This photo has nothing to do with this post, except to remind me of blue and orange, a lovely daughter, a wonderful day. It's here on this page to be something lovely, nothing practical at all.
I feel as though I have to have every single thing perfect before the baby comes. Do they call this nesting? And here's a confession: It's not easy to get every single thing perfect in a new country, where I am speaking a new language that makes me feel like I'm a very small child with moths in my ears. Also, when I have practical things to do, I sometimes have to get on the bus and take the three hour ride through the curves to the big town, and then I have to rent a motorbike and go from appointment to appointment, from shop to shop, until I am sitting on the side of the road, calling my husband, asking him to give me a pep talk because I can't walk another step.
Would my husband be willing to do these things?
Would I be willing to let him?
But perhaps I have it in my head that I will not be able to do anything else at all after the baby is born, because the enormity of an infant has expanded in my imagination in the four and a half years since I last had one.
I must protect that week of babymoon time. My mental health depends on it.
Still, maybe we don't need a washing machine right away, and I don't have to try to fit it in the budget, or figure out how to get it home. And maybe I can continue without an oven, as much as I would like to make granola bars for all those breakfasts coming up. And we need a storage solution for YaYa's constantly overflowing art table, but perhaps stacking things in a somewhat orderly way can continue to work for a while.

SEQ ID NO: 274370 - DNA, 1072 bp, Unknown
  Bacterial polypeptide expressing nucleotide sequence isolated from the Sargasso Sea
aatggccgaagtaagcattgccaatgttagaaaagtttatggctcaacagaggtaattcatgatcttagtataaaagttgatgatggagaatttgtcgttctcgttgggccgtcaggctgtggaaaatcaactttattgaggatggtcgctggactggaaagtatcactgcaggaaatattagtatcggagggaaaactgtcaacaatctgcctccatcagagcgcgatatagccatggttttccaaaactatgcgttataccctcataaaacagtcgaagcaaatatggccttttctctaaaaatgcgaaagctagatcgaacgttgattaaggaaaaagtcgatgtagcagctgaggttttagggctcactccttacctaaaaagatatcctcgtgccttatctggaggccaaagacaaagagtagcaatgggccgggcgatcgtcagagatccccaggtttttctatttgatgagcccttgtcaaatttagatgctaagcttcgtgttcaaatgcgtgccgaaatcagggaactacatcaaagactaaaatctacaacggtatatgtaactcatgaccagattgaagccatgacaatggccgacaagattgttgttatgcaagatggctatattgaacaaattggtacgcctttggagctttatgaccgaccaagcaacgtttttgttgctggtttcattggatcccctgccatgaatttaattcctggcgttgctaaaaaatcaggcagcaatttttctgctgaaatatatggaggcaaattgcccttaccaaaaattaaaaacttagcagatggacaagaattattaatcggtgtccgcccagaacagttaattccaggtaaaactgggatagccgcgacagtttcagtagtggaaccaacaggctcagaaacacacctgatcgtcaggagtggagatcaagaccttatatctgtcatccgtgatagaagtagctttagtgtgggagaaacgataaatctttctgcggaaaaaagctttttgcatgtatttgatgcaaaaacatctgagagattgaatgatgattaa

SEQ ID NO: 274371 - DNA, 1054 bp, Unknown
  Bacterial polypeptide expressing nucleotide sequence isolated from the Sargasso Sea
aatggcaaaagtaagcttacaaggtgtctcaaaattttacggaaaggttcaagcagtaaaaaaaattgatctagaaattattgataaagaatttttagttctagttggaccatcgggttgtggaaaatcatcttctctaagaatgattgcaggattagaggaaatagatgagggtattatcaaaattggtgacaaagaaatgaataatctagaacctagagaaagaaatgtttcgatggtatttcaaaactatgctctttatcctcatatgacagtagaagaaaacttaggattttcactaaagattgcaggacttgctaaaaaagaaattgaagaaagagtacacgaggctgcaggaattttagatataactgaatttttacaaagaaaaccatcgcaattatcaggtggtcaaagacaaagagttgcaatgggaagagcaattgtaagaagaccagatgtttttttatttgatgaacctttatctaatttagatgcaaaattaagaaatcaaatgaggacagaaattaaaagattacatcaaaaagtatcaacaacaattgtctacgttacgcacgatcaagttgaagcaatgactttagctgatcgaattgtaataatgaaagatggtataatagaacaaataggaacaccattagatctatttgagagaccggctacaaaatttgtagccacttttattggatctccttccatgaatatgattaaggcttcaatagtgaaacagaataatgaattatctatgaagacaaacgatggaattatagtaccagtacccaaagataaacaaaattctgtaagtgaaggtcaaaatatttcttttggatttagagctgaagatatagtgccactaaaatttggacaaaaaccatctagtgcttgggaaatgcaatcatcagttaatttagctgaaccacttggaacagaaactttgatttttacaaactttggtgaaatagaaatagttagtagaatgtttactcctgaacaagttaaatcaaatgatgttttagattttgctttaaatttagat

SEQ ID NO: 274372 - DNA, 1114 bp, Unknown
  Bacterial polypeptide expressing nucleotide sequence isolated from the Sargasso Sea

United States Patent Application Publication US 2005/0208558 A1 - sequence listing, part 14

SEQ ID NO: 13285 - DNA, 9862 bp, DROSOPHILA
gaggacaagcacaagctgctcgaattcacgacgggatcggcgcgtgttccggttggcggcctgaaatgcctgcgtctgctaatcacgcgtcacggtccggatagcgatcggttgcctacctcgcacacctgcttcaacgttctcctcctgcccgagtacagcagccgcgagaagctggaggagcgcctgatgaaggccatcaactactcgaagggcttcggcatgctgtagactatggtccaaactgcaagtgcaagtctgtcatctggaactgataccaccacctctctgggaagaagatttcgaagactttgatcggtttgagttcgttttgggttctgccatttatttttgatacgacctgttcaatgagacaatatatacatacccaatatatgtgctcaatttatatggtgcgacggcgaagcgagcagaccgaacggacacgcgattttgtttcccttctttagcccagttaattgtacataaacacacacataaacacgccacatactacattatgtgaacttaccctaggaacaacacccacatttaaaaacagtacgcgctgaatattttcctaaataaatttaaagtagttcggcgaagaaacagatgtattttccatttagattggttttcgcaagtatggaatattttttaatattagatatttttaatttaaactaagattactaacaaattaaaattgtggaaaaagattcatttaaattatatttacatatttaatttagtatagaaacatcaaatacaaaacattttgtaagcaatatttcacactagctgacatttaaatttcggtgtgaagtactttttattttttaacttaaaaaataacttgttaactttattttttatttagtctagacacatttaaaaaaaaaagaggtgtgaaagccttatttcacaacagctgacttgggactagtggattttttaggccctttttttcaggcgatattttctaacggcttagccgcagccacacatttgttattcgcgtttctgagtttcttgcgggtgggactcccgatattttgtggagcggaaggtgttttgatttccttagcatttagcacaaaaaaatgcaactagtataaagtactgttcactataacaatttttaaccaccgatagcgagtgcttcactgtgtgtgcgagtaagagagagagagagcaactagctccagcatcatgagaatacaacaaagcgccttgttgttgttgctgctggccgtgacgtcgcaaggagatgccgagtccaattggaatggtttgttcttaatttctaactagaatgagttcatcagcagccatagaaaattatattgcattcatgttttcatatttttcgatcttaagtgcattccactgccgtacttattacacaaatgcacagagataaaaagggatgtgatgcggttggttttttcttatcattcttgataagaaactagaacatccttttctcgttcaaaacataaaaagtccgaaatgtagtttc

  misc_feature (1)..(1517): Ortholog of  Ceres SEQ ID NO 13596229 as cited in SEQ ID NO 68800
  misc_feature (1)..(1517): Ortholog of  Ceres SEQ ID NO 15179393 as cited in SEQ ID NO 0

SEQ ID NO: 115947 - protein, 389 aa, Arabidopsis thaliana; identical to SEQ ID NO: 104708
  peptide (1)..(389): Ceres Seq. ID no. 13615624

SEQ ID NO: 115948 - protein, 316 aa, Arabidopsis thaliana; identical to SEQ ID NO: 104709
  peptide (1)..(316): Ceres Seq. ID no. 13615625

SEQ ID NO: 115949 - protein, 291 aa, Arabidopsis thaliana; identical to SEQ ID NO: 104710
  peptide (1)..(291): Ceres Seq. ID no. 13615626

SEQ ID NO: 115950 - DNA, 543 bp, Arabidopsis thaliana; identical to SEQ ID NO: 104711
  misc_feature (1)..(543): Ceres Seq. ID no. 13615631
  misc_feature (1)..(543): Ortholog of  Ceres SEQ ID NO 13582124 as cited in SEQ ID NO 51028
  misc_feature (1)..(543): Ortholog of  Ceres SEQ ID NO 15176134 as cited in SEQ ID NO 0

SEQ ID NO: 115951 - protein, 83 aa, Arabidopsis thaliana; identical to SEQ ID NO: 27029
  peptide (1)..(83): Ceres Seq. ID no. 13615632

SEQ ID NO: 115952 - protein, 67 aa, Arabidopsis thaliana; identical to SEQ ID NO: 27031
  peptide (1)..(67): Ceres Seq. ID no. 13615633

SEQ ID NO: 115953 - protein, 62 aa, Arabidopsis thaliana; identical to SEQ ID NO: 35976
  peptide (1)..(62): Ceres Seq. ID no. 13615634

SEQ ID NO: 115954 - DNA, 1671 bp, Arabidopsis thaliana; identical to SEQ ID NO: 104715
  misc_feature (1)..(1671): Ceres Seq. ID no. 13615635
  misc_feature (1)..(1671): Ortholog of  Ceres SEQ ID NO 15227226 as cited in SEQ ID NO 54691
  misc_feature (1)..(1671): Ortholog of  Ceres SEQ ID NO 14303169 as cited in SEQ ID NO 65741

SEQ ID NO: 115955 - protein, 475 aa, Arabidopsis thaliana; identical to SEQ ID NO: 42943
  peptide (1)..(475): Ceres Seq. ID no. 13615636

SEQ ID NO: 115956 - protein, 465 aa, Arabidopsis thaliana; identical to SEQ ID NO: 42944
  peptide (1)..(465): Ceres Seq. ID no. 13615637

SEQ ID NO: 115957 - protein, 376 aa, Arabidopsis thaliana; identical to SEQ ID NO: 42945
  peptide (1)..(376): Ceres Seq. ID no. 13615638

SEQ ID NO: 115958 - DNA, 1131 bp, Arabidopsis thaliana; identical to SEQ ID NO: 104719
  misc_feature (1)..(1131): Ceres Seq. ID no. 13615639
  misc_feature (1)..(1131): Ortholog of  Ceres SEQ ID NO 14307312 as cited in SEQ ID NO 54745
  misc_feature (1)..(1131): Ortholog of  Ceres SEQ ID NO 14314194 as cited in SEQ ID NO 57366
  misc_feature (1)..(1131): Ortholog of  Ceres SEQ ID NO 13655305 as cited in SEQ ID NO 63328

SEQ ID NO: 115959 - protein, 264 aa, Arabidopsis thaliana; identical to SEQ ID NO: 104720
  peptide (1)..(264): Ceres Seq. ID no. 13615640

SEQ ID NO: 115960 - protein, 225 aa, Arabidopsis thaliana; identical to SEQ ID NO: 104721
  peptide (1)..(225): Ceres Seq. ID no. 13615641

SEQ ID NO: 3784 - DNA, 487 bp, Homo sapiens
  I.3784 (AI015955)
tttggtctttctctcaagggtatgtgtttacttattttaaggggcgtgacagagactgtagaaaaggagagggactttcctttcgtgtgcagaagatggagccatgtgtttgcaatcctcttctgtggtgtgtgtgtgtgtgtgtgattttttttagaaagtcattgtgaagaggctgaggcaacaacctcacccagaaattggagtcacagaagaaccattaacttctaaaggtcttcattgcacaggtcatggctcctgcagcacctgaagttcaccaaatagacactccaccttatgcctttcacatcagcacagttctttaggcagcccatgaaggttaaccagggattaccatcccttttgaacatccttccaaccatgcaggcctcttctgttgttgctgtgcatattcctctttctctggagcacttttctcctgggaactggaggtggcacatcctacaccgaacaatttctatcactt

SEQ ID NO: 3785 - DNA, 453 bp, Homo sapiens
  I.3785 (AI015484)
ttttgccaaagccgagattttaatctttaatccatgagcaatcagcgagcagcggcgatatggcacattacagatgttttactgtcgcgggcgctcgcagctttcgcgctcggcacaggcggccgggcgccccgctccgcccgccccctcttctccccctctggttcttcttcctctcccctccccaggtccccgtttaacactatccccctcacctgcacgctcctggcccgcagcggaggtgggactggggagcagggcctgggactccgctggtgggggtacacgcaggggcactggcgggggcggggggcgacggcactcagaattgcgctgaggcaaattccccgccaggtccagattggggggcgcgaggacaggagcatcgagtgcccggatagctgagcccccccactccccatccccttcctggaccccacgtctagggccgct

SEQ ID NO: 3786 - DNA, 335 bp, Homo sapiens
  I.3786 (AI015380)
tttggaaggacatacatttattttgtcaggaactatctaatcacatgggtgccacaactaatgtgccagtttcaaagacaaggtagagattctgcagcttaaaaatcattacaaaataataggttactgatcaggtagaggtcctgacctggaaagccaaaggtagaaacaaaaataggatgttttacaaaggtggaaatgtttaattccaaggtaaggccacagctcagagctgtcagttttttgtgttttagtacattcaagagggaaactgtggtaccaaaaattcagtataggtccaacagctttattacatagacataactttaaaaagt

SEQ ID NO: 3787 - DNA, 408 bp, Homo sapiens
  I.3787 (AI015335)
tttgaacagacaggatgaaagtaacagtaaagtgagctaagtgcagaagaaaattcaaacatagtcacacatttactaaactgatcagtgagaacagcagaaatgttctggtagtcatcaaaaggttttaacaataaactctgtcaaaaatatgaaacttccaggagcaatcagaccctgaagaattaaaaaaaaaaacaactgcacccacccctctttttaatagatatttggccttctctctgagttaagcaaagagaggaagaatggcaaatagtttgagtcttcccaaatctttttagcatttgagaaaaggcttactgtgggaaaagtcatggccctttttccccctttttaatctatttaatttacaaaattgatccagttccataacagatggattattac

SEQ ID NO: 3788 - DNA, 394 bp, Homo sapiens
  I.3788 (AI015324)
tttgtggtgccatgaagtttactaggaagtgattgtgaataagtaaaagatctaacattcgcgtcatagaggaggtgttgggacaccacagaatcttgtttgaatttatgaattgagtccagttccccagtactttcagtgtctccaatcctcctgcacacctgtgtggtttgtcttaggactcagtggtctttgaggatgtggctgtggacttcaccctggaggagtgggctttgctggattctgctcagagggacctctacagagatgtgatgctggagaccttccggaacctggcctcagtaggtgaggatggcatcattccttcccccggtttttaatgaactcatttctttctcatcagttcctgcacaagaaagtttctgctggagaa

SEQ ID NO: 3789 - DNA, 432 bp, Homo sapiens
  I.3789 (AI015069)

I need to let things go, I find, after a trip to the consulate and the doctor and the markets and a curvy bus ride back, on a day when I'm headachy and finally, finally, crashed into bed with my Superstar Husband doing everything for everyone, just like I don't want him to.
In truth, I'm well set up in a cozy home with kids who can get breakfast for themselves. There are shops nearby and fruit just down the street. The baby will come (a baby! a baby!) and will happy with being kissed. He won't care at all if half the curtains are white and the other half are still a sickly orange.
Babies don't need perfection. They only need love. Just like the rest of us.